She didn’t know that day, but her simple words changed my whole life. She brought me back to my beliefs as a Muslim mother. I believe in the Quran. I believe in the scriptures. And there’s a scripture that says you can’t judge all people because of the mistake of one person. I know it, I believe in it, but I didn’t work with it because I felt hatred and anger. 

    From that day, I decided to be a member in the Parents Circle, to start giving lectures inside Israel and Palestine, to travel around the world to spread the message of peace and reconciliation. 

    I thought I had become a great person, doing everything right, and that was it, everything was going well. But a year ago, we were in Jerusalem with Robi and people from other organizations. After we spoke about our stories, an Israeli man stood up and started to talk about his personal story. He mentioned that he was a high officer and he served in my area. He mentioned that he prevented a Palestinian car, which had sick children, from going to a hospital. 

    Then it became hard for me. That was the real test if I meant every word I say, if I meant everything I did. At the beginning, I didn’t know what to say or do. I started to cry. 

    Then Robi asked both of us to go outside and start to talk. He said to me, “This is so important for me to tell you. I know it’s hard, but I really want to let you know.” He said, “After some time, my son became sick, and when I tried to take him to a hospital, the guard stopped me because he wanted to ask a few questions. I was in a hurry. Then I understood what I did to the Palestinian [mother].”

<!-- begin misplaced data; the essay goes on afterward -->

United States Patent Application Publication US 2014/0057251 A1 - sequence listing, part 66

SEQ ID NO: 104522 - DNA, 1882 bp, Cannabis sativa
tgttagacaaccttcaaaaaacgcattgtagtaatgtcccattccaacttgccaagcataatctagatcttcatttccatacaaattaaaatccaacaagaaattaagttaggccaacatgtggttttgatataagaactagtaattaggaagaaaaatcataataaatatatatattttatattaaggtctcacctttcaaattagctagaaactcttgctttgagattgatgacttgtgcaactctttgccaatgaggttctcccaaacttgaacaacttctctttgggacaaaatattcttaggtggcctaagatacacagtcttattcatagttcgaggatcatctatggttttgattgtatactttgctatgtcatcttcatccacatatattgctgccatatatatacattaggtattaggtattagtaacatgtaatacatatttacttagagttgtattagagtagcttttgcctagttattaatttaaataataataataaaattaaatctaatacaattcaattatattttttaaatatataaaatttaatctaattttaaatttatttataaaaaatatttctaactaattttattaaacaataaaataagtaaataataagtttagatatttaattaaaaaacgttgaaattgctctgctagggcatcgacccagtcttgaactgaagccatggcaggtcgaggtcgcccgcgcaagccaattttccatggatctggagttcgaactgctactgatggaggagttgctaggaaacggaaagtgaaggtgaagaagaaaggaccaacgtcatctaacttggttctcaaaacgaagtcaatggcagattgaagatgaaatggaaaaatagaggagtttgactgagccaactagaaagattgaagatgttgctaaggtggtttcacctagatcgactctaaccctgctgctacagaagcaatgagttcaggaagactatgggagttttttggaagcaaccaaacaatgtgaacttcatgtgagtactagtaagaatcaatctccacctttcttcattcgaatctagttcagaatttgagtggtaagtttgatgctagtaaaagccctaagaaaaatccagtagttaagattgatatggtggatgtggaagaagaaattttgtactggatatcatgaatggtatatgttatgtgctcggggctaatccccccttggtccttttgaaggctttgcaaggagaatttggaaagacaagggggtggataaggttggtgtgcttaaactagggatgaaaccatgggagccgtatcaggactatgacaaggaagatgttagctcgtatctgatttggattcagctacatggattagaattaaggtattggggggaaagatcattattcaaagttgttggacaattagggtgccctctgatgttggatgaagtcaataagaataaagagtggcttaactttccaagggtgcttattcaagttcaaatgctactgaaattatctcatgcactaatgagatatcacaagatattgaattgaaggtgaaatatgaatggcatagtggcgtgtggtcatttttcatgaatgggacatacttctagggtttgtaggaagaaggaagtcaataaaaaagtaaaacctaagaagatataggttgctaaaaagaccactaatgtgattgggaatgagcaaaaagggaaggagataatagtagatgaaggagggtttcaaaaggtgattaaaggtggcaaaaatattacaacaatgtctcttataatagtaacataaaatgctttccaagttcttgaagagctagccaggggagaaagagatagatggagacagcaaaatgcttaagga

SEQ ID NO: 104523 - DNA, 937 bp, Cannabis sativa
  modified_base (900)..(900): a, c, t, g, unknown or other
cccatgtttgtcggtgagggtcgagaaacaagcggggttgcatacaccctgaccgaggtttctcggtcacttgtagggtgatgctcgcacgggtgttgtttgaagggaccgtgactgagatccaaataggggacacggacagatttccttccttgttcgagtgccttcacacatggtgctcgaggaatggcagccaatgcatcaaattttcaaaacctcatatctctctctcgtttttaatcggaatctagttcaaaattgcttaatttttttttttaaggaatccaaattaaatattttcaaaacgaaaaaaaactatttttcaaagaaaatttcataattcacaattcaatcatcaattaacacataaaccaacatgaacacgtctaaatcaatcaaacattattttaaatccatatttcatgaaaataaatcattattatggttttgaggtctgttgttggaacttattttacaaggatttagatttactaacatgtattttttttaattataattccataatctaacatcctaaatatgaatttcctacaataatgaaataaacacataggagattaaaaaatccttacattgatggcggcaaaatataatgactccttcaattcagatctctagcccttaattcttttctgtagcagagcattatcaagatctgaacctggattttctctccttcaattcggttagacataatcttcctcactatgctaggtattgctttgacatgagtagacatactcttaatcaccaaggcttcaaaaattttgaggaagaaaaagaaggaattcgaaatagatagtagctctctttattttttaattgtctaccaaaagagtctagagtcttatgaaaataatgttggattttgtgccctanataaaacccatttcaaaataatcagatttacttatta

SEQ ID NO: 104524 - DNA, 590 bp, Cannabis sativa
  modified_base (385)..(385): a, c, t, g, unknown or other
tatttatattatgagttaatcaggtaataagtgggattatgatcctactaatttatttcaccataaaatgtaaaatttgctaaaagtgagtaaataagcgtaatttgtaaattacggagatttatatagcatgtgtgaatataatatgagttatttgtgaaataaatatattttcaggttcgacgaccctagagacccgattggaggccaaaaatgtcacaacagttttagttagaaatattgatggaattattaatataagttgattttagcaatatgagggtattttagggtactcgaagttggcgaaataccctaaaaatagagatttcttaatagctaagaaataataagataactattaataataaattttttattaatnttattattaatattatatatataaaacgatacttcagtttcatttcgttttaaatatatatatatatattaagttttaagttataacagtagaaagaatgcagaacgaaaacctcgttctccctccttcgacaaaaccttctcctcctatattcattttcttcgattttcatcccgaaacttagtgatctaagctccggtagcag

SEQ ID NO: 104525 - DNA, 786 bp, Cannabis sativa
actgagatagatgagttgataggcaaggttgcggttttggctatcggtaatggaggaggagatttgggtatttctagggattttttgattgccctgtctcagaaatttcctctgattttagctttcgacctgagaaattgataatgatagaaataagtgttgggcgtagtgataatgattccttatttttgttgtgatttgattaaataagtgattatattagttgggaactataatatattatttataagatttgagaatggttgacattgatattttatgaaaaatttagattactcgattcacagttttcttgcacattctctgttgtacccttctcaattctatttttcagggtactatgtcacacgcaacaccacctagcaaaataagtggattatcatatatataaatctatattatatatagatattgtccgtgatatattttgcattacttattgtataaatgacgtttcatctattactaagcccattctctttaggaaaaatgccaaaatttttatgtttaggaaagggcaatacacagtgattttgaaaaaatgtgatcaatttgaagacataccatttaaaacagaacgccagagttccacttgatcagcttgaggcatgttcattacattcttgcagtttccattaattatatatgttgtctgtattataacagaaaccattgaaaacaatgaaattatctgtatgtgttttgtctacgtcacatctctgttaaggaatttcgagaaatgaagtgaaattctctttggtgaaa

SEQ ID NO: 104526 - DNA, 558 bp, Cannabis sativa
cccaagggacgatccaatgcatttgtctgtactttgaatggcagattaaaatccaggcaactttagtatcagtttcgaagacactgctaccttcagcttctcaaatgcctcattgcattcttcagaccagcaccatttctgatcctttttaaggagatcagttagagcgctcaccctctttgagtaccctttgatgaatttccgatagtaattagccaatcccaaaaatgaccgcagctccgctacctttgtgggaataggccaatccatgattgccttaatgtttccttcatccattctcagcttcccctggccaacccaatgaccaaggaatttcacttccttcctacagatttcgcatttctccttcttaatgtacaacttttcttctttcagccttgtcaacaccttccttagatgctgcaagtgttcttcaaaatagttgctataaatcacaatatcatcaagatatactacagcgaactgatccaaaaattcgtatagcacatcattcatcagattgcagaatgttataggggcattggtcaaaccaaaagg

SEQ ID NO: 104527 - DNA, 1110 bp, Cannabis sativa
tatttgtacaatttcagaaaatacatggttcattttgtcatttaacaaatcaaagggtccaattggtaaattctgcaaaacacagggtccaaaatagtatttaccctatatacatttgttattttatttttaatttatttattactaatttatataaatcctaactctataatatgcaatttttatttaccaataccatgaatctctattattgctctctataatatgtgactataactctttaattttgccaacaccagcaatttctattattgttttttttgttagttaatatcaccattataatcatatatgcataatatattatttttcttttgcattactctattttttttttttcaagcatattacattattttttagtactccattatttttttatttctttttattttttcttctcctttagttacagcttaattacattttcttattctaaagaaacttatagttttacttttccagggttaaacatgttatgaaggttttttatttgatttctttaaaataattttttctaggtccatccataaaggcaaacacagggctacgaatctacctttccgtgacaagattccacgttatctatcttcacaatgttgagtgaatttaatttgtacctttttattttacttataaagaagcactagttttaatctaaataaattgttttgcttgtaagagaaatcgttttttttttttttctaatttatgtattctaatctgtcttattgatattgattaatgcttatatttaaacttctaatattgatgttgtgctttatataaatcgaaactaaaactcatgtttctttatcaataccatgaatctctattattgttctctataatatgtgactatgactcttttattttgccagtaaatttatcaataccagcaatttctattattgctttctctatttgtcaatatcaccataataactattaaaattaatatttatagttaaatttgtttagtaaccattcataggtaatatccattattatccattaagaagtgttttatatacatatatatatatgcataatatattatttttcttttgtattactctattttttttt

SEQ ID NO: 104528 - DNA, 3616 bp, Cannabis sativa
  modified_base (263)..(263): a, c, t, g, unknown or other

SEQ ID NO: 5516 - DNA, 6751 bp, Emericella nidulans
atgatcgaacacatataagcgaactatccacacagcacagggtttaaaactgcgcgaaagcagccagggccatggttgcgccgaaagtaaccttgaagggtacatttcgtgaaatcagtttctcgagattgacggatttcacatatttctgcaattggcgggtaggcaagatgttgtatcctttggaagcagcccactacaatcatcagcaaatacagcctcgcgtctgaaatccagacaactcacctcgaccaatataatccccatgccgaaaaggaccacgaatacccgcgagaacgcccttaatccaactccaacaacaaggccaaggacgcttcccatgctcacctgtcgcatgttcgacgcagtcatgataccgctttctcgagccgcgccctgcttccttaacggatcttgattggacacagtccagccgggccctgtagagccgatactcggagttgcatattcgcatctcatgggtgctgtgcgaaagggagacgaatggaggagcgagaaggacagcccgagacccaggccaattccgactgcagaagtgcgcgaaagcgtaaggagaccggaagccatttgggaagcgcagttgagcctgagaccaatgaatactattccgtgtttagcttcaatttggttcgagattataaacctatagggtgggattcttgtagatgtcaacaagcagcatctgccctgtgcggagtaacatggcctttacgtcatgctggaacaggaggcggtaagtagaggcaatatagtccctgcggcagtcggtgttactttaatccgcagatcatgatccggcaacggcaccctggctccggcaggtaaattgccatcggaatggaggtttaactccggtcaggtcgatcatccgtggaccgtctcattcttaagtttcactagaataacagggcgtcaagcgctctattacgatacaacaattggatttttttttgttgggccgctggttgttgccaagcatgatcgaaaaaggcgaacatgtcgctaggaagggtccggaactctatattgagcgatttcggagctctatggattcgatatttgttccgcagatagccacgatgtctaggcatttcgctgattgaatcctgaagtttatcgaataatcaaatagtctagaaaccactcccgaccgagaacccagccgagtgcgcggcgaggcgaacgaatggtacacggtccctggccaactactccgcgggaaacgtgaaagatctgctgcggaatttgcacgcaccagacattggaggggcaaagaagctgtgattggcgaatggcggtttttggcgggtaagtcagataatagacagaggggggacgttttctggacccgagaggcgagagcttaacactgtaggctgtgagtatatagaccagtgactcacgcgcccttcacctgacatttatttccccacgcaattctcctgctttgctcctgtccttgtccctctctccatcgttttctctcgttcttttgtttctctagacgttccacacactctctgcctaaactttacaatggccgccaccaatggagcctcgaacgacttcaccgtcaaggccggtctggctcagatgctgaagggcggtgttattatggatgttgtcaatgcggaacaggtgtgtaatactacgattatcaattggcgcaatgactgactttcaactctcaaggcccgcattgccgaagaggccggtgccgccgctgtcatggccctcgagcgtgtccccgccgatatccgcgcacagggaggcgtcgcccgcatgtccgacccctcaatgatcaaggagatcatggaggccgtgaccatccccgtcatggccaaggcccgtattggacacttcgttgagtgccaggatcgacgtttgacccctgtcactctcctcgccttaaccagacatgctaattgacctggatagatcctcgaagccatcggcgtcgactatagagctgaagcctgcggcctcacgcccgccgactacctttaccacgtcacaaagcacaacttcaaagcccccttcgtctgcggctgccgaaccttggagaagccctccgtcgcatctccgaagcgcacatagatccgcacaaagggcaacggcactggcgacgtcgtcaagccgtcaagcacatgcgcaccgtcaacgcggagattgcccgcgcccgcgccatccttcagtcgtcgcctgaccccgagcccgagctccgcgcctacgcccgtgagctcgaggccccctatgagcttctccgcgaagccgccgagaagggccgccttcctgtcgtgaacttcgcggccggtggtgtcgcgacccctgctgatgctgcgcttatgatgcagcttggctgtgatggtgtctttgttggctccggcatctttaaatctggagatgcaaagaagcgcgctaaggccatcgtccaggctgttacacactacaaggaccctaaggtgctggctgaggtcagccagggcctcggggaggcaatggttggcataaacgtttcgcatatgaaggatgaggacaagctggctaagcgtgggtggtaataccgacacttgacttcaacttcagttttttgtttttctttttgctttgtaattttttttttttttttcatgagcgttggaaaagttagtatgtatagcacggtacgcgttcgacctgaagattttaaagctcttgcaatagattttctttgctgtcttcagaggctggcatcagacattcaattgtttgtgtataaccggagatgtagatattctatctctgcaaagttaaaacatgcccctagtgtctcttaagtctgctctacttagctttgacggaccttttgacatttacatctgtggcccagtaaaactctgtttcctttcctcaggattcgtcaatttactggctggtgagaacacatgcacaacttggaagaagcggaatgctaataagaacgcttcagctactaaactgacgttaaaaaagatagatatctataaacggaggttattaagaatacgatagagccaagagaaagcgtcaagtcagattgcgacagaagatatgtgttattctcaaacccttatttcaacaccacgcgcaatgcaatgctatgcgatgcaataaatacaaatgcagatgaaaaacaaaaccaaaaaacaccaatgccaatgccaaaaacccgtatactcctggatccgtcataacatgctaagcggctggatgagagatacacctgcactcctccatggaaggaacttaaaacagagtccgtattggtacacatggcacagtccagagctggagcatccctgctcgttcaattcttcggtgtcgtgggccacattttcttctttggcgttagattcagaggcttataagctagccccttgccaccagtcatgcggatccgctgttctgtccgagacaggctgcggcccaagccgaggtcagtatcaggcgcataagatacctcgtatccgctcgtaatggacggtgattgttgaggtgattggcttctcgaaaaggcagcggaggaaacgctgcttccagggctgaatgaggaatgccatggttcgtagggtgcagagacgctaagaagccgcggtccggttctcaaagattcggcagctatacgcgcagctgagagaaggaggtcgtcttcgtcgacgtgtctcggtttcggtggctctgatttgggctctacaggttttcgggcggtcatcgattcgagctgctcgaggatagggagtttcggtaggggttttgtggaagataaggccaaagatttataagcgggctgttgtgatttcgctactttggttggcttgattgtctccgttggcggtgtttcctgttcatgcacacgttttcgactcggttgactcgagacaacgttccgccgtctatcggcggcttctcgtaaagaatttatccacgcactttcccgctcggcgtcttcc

He quit the army and was jailed because he refused to serve again. He established another organization called “Combatants for Peace.” 

    I looked at him and said, “This is so hard for me to listen to you, but at the same time, I want to thank you because if I knew that part of your story was there and you didn’t tell me, I would never forgive you. But because you have that honesty and that courage to speak in front of me, I could forgive you. Because I know what you try to do on the ground to end this situation, to end this conflict, I could now forgive you.” 

    Then I realized: this is the real reconciliation. It’s so easy to speak about love and peace and all these words, but sometimes you will ask yourself if you really meant that or not. On that day, I realized I meant everything I did. That gave me the power to continue, even in these dark times.

    Robi Damelin

    I have been thinking a lot about what happened on October the 7th, and what happened with the man who killed my son David… and how I could understand, why

    It’s not about condoning violence. It’s about, when you understand why, it’s a beginning, maybe, of a discussion. 

    When I think about how children grow up in Gaza with constant war every two years, their mothers not having shelter, running away, not being free, not having freedom of movement, what kind of adult comes out of that? Then I look at the children who live on the kibbutzim on the border of Gaza. October the 7th changed everything for them. What kind of adults are they going to be?

    Our work is very much cut out for us. I think that in many ways, I reacted to October the 7th almost the same way that I reacted when I heard that David was killed. It was this immediate need to change the world overnight… and maybe not really being in touch with the grief. 

    The Parents Circle found me after I spoke at a demonstration to end the occupation. I said in that same statement that we could not do this alone. We had to have a Palestinian partner. So, they invited me to come to a weekend in East Jerusalem.

    I remember sitting around this table and looking into the eyes of the Palestinian mothers and realizing that we actually shared the same pain and that the tears that fell into anybody’s grave are the same color.